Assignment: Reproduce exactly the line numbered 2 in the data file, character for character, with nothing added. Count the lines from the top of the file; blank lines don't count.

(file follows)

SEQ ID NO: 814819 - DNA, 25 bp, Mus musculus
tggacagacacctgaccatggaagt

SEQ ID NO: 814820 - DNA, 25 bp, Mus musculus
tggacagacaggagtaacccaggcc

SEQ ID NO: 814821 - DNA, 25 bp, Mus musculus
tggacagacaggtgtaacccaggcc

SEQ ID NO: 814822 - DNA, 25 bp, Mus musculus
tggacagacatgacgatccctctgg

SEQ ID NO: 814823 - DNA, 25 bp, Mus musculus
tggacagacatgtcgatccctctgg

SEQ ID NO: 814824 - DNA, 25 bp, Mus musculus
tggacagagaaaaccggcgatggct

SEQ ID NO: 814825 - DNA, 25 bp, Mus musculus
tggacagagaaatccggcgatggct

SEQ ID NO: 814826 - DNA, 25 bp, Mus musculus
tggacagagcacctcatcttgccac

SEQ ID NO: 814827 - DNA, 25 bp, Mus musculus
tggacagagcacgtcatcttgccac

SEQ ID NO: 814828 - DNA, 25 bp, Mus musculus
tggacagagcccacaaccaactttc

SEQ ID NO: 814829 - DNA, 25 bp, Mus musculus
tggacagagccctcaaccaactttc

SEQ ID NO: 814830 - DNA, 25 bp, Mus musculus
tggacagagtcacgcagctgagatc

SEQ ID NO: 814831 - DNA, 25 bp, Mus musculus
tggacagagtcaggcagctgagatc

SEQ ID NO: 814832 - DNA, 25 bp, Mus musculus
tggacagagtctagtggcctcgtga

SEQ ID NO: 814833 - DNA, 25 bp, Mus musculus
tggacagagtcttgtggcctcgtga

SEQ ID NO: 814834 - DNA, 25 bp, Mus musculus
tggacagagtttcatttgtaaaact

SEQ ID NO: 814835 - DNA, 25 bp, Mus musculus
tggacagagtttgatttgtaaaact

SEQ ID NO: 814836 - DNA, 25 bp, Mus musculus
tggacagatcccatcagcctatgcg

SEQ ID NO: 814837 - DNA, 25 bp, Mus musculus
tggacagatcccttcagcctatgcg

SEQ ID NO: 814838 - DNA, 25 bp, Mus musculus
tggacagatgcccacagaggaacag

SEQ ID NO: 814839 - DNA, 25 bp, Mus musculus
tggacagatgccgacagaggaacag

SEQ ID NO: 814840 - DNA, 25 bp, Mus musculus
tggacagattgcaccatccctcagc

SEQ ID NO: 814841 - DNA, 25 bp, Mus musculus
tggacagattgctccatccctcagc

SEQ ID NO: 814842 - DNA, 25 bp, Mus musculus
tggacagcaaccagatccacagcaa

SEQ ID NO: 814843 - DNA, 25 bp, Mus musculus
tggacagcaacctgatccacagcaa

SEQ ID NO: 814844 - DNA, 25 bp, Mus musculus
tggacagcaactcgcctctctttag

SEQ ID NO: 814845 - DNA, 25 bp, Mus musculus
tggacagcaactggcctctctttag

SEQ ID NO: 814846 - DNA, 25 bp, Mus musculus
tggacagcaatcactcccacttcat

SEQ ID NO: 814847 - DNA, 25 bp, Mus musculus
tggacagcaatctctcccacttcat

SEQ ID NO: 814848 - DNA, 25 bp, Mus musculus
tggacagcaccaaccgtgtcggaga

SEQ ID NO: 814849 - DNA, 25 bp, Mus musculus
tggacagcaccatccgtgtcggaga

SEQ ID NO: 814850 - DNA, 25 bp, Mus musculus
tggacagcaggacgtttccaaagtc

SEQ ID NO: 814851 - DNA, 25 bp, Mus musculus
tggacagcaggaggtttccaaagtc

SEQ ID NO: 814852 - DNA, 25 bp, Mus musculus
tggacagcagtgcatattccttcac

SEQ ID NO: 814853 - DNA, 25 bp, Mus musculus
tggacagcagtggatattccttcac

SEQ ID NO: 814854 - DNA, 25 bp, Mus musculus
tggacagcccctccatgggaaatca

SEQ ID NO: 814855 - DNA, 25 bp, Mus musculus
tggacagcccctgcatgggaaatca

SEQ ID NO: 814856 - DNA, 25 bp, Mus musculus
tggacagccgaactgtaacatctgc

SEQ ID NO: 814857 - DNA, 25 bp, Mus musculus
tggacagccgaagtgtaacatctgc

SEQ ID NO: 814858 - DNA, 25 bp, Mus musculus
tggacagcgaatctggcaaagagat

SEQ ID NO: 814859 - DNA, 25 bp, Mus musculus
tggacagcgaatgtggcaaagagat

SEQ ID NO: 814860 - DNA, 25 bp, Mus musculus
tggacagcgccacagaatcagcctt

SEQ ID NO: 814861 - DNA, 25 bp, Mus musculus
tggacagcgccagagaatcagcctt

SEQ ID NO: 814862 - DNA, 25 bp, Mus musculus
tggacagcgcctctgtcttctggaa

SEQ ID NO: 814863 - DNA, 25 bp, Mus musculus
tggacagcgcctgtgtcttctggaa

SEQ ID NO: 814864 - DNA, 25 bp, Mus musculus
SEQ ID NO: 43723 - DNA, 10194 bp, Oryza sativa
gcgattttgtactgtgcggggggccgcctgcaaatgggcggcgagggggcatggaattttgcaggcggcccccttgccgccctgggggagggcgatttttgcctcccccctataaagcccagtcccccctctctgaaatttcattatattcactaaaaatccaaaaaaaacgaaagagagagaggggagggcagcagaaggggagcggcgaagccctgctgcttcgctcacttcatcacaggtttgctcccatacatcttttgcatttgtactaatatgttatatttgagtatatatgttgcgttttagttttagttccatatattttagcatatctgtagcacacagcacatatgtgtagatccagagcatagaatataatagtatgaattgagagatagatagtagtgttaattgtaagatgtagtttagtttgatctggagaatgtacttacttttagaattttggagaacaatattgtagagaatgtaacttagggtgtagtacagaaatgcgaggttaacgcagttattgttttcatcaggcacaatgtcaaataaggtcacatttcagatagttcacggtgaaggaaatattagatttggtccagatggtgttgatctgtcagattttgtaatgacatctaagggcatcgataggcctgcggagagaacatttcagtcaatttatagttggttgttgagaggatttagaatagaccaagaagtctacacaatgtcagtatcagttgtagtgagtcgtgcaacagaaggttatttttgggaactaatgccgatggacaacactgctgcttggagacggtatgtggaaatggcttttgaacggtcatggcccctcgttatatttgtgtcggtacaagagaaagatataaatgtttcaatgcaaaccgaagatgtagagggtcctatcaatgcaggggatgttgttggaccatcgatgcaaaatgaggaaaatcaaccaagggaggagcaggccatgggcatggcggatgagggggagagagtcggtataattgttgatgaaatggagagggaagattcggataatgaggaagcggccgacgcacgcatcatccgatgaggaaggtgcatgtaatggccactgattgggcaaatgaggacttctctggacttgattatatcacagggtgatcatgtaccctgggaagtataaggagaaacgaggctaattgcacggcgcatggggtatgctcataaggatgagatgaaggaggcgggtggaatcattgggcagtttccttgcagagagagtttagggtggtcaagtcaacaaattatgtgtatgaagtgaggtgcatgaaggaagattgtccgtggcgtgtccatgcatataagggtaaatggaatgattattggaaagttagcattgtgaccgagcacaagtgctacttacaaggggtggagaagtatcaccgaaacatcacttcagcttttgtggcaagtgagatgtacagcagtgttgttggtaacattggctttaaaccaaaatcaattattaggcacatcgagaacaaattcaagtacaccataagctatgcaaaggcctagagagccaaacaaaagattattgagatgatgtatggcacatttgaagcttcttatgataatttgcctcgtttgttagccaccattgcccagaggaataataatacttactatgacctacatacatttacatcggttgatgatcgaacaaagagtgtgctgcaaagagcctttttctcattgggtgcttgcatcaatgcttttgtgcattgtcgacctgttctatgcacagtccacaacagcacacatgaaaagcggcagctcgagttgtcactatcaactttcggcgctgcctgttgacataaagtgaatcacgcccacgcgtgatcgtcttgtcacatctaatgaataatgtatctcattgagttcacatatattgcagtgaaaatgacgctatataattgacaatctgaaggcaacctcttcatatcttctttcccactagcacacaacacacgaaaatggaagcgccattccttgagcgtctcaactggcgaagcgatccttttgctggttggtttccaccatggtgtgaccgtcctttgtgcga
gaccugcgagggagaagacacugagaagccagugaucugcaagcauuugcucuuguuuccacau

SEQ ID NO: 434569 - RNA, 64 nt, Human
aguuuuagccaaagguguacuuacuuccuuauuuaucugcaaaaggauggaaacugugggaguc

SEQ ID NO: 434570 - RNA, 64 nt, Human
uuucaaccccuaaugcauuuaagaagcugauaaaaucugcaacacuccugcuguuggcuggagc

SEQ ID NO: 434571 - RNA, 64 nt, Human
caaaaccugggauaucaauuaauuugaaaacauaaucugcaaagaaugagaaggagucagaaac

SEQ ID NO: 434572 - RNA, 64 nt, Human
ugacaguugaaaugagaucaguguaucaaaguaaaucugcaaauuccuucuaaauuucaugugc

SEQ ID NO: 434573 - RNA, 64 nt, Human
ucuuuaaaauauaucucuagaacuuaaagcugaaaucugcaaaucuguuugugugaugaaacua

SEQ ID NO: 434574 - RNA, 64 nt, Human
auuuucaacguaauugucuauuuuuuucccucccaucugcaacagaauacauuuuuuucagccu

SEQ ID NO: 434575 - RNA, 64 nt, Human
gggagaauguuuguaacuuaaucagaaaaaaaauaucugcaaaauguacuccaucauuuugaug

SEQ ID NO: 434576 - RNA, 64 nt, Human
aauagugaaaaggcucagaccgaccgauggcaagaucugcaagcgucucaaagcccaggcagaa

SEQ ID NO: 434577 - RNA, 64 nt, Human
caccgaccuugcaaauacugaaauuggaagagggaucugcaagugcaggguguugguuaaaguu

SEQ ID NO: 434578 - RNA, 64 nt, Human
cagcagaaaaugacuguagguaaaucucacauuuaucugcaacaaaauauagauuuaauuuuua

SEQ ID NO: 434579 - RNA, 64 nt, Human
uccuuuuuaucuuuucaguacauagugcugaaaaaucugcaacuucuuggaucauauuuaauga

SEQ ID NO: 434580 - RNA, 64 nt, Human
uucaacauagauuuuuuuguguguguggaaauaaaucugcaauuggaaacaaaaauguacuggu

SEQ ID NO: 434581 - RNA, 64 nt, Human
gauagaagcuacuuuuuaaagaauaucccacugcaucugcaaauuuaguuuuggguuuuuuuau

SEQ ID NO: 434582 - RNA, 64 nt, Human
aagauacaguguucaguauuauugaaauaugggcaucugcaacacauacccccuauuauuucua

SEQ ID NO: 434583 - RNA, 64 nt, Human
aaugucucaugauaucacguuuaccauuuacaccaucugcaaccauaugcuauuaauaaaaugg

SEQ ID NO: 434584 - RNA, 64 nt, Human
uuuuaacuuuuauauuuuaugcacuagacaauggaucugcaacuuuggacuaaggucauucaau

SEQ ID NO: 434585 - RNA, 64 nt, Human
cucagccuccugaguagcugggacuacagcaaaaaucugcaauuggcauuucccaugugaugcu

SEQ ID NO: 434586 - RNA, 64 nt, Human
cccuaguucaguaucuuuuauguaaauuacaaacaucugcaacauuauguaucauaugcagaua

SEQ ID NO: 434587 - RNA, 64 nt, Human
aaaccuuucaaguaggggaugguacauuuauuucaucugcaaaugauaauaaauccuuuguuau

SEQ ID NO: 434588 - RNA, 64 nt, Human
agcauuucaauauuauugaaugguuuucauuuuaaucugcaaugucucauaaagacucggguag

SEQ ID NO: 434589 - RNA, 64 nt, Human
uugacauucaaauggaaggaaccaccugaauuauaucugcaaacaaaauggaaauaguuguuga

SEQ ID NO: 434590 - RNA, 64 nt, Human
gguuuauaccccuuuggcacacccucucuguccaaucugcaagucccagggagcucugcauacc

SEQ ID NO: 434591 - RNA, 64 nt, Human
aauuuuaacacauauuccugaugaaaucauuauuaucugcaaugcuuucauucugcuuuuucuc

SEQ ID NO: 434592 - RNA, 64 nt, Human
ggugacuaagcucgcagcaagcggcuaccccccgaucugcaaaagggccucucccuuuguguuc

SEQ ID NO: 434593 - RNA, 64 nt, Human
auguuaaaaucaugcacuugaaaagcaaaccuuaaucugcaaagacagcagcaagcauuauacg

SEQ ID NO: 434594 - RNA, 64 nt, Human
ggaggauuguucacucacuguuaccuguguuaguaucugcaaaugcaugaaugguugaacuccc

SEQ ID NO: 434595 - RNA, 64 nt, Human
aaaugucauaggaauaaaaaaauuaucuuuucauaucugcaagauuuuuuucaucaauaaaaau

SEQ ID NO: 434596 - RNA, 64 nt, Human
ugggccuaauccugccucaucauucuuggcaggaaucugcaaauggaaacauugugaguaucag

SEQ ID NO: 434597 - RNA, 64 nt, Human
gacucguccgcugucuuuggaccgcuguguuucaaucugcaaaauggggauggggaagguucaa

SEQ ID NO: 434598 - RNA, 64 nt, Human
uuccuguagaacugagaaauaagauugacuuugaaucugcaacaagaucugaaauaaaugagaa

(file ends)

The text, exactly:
tggacagacacctgaccatggaagt